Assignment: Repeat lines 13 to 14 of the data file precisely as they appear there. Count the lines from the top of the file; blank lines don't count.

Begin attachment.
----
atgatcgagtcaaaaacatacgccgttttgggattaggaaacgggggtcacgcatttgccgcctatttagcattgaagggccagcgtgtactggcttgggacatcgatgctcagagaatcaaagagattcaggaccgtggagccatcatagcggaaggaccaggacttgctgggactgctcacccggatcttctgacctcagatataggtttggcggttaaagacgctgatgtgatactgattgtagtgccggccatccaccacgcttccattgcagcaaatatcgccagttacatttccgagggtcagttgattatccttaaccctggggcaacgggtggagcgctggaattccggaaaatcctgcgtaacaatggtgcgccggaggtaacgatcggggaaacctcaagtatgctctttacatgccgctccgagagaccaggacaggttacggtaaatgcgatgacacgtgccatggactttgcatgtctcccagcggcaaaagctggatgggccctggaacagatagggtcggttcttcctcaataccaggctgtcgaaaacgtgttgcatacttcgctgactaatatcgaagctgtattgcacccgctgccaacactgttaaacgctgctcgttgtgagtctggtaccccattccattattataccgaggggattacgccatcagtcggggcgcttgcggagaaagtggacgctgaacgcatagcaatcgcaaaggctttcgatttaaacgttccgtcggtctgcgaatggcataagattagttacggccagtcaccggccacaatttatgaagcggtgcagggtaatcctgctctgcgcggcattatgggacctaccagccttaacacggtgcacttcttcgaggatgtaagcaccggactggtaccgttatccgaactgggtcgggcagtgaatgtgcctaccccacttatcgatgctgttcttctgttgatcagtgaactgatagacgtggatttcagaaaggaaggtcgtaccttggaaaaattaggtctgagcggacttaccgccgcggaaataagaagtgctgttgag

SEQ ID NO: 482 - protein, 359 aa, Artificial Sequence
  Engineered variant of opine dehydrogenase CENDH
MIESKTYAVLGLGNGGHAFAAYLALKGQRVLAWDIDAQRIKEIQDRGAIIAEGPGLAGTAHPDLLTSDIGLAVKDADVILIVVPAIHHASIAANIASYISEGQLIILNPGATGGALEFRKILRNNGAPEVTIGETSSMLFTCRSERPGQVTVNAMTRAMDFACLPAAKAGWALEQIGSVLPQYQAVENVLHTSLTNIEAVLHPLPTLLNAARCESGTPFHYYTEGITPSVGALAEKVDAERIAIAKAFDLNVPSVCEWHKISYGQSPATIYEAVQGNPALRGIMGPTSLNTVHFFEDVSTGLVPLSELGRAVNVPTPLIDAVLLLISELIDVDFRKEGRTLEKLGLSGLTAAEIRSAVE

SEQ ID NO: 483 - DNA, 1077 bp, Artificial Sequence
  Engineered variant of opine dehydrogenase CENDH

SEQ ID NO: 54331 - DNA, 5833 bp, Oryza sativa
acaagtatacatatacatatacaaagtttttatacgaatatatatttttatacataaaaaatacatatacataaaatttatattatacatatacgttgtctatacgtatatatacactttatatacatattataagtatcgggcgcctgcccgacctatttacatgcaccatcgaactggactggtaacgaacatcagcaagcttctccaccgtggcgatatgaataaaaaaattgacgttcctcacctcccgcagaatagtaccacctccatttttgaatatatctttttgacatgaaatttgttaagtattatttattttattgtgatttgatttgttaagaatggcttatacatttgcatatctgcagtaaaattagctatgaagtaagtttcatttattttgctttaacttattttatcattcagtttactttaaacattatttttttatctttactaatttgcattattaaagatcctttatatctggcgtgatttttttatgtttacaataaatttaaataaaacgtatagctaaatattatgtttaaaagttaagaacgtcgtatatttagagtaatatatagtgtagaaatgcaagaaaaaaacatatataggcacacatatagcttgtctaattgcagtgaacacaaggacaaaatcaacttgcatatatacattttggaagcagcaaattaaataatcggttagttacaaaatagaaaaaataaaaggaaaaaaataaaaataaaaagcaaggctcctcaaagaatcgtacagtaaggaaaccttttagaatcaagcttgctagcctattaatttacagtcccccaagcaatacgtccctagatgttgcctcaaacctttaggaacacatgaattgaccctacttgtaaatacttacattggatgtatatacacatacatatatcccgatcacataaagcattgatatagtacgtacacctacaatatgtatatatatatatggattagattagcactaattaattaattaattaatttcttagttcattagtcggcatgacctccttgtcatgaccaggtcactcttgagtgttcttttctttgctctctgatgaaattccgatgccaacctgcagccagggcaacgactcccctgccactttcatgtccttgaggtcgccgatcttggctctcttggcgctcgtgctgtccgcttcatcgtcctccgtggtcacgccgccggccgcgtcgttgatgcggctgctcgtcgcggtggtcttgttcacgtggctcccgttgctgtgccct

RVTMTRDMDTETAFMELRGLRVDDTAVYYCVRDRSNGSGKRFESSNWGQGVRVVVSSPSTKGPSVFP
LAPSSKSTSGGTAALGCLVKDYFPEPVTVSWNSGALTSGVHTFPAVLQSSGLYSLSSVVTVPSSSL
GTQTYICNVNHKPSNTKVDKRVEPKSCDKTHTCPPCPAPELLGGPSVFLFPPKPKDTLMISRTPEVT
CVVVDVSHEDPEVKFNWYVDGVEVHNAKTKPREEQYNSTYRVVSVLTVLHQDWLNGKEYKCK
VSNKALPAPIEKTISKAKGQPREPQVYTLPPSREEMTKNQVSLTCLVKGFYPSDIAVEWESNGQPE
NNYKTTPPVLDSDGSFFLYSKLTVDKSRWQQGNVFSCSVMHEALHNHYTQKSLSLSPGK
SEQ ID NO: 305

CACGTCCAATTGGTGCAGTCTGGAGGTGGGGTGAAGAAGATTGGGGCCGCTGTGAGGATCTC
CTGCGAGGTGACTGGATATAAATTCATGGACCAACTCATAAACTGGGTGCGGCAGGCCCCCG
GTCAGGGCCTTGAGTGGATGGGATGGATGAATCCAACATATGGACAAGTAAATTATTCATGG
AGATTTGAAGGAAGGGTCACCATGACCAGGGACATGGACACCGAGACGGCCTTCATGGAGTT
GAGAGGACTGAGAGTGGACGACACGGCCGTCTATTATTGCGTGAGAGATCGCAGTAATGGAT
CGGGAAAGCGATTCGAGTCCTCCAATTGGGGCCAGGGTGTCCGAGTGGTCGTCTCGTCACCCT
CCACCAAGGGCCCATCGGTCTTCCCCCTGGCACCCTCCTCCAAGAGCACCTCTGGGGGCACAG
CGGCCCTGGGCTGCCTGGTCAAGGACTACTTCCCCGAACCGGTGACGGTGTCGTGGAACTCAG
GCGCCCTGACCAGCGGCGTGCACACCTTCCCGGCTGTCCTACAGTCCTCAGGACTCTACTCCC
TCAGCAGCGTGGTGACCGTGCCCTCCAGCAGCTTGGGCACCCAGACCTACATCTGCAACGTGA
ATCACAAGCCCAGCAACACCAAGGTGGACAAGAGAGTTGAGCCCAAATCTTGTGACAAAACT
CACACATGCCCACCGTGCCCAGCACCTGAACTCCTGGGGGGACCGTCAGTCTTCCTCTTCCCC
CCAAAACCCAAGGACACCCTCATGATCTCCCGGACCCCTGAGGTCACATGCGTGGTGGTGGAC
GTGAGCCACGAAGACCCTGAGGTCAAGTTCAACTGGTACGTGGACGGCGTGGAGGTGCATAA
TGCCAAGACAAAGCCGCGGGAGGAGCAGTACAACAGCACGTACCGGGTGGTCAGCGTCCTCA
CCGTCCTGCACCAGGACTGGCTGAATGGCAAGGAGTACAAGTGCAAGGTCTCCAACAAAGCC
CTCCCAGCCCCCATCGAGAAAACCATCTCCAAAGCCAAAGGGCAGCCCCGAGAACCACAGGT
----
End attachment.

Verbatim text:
VSNKALPAPIEKTISKAKGQPREPQVYTLPPSREEMTKNQVSLTCLVKGFYPSDIAVEWESNGQPE
NNYKTTPPVLDSDGSFFLYSKLTVDKSRWQQGNVFSCSVMHEALHNHYTQKSLSLSPGK